Indexed on: 02 Feb '10Published on: 02 Feb '10Published in: Russian Journal of Bioorganic Chemistry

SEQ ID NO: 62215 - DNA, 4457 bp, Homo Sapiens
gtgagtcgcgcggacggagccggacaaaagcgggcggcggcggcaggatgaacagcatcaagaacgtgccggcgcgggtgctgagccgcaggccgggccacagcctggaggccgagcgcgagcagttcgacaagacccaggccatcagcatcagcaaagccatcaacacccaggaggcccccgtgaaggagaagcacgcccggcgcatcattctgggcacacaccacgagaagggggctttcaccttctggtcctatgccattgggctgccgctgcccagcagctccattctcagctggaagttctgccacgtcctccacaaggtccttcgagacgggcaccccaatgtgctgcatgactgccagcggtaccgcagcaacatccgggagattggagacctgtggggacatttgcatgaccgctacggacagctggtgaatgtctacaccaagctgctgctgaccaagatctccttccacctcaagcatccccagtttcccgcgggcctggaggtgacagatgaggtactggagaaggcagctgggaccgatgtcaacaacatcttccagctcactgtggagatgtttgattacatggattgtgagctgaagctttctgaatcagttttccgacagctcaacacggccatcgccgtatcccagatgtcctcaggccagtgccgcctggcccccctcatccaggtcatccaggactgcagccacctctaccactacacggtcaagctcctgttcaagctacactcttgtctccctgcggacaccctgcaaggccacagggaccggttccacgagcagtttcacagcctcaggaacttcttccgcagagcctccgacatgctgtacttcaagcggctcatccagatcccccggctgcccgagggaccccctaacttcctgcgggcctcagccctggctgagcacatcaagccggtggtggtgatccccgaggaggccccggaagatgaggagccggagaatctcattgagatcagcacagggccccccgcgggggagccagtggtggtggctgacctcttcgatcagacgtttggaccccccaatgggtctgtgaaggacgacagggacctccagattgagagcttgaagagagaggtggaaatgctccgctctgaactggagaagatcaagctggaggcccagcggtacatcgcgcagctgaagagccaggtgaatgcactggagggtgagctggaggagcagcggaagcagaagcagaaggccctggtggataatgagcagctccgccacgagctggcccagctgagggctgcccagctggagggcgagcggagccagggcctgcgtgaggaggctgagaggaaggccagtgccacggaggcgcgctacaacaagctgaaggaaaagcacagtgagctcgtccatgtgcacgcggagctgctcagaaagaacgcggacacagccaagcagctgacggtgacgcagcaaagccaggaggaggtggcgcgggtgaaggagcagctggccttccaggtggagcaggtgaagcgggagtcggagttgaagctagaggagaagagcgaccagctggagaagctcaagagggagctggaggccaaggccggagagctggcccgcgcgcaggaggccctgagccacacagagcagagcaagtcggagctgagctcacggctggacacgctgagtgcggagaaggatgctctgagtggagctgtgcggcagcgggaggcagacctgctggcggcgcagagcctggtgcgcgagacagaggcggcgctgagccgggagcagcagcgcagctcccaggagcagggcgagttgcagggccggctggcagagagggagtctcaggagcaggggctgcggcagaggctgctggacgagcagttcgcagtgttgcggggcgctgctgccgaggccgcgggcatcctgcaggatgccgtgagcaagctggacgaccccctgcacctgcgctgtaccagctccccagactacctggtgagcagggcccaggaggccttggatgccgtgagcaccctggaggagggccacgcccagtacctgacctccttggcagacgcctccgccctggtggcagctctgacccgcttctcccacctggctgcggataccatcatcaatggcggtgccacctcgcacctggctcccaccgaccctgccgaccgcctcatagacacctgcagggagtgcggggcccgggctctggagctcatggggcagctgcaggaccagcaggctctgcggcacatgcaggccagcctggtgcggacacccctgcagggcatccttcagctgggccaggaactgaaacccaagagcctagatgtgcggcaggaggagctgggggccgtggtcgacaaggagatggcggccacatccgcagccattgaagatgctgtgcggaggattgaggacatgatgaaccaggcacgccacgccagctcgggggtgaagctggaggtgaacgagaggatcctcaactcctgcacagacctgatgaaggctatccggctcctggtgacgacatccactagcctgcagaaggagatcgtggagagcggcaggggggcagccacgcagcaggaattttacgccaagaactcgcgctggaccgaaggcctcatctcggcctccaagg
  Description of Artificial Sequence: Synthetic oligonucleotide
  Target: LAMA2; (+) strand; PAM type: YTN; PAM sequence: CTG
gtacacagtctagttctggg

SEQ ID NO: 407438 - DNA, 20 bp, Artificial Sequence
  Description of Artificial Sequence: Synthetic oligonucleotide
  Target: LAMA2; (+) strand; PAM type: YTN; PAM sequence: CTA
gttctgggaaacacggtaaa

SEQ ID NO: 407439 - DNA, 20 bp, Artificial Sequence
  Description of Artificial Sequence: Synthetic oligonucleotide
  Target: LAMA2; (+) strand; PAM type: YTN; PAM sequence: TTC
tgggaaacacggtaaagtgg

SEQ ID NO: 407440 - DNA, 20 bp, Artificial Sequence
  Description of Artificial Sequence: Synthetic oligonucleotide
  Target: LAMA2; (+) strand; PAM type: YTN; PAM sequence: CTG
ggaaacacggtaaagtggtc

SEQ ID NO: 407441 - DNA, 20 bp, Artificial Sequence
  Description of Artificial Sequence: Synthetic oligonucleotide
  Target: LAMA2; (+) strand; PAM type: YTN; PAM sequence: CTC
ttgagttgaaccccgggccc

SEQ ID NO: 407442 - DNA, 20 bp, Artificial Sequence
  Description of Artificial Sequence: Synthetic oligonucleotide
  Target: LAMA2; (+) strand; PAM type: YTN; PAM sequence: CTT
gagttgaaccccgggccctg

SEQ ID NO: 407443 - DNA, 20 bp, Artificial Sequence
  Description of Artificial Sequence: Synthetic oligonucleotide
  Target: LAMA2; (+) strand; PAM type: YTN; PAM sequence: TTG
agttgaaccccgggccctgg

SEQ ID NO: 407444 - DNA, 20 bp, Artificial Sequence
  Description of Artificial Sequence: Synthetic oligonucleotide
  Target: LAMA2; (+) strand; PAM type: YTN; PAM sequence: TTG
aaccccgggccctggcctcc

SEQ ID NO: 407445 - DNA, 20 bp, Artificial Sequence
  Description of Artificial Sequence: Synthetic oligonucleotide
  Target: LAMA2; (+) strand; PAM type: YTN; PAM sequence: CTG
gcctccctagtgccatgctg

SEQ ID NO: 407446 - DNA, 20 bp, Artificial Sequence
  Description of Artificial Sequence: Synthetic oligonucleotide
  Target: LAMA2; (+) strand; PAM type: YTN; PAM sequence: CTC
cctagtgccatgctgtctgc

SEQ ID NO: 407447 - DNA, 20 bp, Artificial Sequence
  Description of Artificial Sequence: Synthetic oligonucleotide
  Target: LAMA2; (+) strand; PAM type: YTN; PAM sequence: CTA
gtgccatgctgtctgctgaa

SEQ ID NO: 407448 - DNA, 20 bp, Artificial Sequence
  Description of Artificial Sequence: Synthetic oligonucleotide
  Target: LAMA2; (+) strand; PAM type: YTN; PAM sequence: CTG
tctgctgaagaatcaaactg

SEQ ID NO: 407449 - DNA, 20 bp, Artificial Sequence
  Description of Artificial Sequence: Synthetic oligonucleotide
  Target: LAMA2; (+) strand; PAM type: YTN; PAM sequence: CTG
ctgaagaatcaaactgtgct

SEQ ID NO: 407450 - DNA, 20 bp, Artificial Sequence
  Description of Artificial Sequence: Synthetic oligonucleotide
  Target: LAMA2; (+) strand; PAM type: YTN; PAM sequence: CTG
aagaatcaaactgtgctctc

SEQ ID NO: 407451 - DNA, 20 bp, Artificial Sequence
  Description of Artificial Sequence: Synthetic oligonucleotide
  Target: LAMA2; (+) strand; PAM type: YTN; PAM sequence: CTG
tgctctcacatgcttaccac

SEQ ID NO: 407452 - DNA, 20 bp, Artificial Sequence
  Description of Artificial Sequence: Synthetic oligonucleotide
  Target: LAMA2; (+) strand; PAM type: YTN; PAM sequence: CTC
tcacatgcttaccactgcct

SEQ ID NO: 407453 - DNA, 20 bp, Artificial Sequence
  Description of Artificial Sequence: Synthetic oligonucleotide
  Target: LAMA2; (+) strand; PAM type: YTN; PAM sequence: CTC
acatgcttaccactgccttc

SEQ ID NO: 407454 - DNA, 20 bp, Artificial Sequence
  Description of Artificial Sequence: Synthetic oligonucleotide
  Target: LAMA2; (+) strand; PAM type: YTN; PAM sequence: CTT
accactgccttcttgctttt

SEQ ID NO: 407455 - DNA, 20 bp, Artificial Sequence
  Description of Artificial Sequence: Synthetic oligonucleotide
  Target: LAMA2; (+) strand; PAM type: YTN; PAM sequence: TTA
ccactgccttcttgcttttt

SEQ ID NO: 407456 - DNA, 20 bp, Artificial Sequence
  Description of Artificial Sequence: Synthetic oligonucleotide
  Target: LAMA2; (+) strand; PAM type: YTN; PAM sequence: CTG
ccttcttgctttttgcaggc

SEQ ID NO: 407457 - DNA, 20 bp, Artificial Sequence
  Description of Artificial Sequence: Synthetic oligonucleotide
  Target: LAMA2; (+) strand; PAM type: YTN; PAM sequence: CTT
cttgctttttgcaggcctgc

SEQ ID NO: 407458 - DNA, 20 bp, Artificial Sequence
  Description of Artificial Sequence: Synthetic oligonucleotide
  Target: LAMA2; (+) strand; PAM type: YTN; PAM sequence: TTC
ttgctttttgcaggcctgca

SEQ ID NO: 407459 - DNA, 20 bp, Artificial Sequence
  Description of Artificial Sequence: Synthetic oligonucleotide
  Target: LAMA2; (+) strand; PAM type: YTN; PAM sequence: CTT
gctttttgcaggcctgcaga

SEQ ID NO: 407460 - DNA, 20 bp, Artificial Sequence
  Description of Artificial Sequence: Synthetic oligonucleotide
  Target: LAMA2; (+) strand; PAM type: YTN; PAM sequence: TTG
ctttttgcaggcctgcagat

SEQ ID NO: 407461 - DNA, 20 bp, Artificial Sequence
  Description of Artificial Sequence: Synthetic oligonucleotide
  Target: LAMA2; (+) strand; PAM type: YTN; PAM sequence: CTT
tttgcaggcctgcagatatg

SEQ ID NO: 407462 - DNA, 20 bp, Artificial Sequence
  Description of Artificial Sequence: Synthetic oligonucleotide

The attachment of a cell to the extracellular matrix or the surface of another cells affects not only the cell motility, but also gene expression. In view of this, an important problem is to establish the molecular mechanisms of signal transduction from the receptors of cell adhesion to the nucleus, in particular, to identify and investigate the protein transducers of these signals. One of these transducers, the LIM domain protein zyxin, is predominantly localized at the sites of cell adhesion, where it participates in the assembly of actin filaments. Owing to its location near the inner surface of the membrane, zyxin can interact with the transmembrane receptors of some signaling cascades and affect the signal transduction from the extracellular ligands of these receptors. Furthermore, under certain conditions, zyxin moves from the sites of cell contacts to the nucleus, where it directly participates in the regulation of gene expression. Of particular interest is the function of zyxin as a possible coordinator of gene expression and morphogenetic movements in embryogenesis. The published data discussed in the present review indicate the important role of zyxin in transmitting information from the regions of cell contacts to the genetic apparatus of the cell.